June 13, 2014 at 11:37 pm

Emails lost in tea party probe

IRS tells Congress official's computer crash impedes probe

Former Internal Revenue Service official Lois Lerner retired last fall. In May, the House voted to hold her in contempt of Congress. (J. Scott Applewhite / AP)

Washington— The Internal Revenue Service said Friday it has lost a trove of emails to and from a central figure in the agency’s tea party controversy, sparking outrage from congressional investigators who have been investigating the agency for more than a year.

The IRS told Congress on Friday that it cannot locate many of Lois Lerner’s emails prior to 2011 because her computer crashed.

Lerner headed the IRS division that processed applications for tax-exempt status. The IRS acknowledged last year that agents had improperly scrutinized applications for tax-exempt status by tea party and other conservative groups.

“The fact that I am just learning about this, over a year into the investigation, is completely unacceptable and now calls into question the credibility of the IRS’ response to congressional inquiries,” said Rep. Dave Camp, R-Midland., chairman of the House Ways and Means Committee. “There needs to be an immediate investigation and forensic audit by Department of Justice as well as the inspector general.”

The Ways and Means Committee is one of three committees investigating the IRS over its handling of tea party applications from 2010 to 2012. The Justice Department and the IRS inspector general are also investigating.

Investigators have shown that IRS officials in Washington were closely involved in the handling of tea party applications, many of which languished for more than a year without action. But they have not publicly produced evidence that anyone outside the agency directed the targeting or even knew about it.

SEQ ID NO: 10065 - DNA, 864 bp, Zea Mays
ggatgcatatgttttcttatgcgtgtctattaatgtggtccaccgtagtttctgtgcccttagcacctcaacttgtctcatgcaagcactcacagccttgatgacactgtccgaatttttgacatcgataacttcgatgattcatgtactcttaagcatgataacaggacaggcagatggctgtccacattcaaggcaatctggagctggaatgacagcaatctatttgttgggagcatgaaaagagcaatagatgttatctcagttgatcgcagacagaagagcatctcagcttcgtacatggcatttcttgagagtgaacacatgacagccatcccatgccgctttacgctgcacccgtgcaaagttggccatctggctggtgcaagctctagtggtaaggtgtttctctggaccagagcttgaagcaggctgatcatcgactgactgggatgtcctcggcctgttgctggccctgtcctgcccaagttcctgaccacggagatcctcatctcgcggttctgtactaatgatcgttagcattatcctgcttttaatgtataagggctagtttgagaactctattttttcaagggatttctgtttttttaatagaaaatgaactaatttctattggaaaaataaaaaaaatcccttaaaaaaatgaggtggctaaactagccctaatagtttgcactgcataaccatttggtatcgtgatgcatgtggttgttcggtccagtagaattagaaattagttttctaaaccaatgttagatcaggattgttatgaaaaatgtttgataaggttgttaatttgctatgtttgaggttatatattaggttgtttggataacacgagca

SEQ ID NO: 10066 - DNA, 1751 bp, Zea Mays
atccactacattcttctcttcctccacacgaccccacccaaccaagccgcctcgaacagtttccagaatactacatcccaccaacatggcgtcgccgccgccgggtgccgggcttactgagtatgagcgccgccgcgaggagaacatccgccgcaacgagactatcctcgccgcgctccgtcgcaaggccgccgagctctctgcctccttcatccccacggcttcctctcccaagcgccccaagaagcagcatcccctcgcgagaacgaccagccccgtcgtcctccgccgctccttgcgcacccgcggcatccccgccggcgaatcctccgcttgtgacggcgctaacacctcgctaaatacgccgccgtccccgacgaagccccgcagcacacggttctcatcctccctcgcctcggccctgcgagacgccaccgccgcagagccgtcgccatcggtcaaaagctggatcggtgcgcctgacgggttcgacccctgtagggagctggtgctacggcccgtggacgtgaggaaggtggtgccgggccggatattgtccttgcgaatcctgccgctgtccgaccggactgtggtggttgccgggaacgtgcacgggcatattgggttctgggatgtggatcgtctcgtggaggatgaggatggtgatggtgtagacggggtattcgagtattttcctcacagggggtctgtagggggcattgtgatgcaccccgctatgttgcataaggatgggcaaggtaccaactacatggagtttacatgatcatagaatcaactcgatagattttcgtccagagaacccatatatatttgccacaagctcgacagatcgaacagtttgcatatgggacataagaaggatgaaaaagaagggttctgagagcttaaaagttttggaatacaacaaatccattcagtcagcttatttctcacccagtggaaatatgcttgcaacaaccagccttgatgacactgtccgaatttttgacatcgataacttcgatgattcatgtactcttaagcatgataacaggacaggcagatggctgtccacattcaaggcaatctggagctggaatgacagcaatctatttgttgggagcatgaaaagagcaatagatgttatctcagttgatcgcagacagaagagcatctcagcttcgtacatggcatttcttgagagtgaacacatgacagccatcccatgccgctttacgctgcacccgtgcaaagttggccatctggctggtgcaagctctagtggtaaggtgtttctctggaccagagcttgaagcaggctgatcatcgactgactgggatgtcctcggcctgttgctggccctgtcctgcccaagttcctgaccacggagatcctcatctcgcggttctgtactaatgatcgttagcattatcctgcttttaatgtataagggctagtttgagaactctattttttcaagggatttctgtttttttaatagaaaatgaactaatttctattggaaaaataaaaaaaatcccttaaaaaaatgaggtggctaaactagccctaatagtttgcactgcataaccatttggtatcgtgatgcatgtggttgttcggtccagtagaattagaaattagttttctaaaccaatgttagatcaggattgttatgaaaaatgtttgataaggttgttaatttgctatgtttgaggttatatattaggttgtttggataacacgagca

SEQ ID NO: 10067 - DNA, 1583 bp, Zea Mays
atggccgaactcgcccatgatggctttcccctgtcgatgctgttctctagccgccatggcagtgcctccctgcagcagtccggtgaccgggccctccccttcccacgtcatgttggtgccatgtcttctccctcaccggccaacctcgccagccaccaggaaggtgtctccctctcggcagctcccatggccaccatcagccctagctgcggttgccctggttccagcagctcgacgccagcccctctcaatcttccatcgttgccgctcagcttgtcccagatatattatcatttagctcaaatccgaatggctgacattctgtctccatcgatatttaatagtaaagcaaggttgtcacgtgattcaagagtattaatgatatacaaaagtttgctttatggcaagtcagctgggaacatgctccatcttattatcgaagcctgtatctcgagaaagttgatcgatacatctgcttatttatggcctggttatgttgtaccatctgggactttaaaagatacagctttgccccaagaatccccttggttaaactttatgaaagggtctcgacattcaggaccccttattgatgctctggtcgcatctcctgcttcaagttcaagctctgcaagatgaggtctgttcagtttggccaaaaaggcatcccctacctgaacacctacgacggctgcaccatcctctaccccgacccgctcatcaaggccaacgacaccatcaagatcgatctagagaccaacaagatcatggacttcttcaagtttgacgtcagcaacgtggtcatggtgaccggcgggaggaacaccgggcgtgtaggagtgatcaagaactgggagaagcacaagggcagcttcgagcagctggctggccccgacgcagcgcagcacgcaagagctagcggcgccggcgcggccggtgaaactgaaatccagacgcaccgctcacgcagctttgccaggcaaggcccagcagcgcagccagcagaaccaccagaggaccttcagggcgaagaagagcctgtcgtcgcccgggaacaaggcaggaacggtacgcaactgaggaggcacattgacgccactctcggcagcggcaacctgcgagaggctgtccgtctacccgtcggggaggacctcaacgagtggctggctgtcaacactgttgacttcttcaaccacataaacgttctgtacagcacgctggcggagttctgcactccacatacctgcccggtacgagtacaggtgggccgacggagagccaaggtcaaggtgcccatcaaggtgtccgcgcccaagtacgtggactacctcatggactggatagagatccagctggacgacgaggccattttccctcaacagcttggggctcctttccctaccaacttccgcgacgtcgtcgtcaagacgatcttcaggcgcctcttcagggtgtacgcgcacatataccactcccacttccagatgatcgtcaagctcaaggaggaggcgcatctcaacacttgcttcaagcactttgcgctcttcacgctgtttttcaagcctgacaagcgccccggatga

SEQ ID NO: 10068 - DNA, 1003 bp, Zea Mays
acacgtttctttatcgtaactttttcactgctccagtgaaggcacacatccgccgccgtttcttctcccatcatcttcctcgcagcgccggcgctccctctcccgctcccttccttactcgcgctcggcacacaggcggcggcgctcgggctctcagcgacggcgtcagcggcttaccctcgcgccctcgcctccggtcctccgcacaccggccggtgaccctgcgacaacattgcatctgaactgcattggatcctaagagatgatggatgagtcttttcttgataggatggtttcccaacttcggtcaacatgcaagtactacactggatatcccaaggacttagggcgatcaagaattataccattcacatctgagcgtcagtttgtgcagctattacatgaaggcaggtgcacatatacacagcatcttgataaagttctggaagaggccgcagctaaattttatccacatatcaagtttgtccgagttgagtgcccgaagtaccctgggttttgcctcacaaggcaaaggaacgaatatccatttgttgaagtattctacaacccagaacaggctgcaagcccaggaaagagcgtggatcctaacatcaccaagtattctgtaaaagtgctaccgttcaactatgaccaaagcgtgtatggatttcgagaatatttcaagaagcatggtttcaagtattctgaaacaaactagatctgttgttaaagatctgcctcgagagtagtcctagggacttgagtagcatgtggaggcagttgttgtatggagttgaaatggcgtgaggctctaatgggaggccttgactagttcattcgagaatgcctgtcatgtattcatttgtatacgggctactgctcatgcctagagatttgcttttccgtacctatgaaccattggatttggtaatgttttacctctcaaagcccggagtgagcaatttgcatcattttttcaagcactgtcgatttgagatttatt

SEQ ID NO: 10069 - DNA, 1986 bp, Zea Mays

If anyone outside the agency was involved, investigators were hoping for clues in Lerner’s emails.

The IRS said technicians went to great lengths trying to recover data from Lerner’s computer in 2011. In emails provided by the IRS, technicians said they sent the computer to a forensic lab run by the agency’s criminal investigations unit. But to no avail.

The IRS was able to generate 24,000 Lerner emails from 2009 to 2011 because Lerner had copied in other IRS employees. The agency said it pieced together the emails from the computers of 82 other IRS employees. But an untold number are gone.

The IRS placed Lerner on administrative leave shortly after the congressional hearing. She retired last fall. In May, the House voted to hold Lerner in contempt of Congress. Her case has been turned over to the U.S. attorney for the District of Columbia.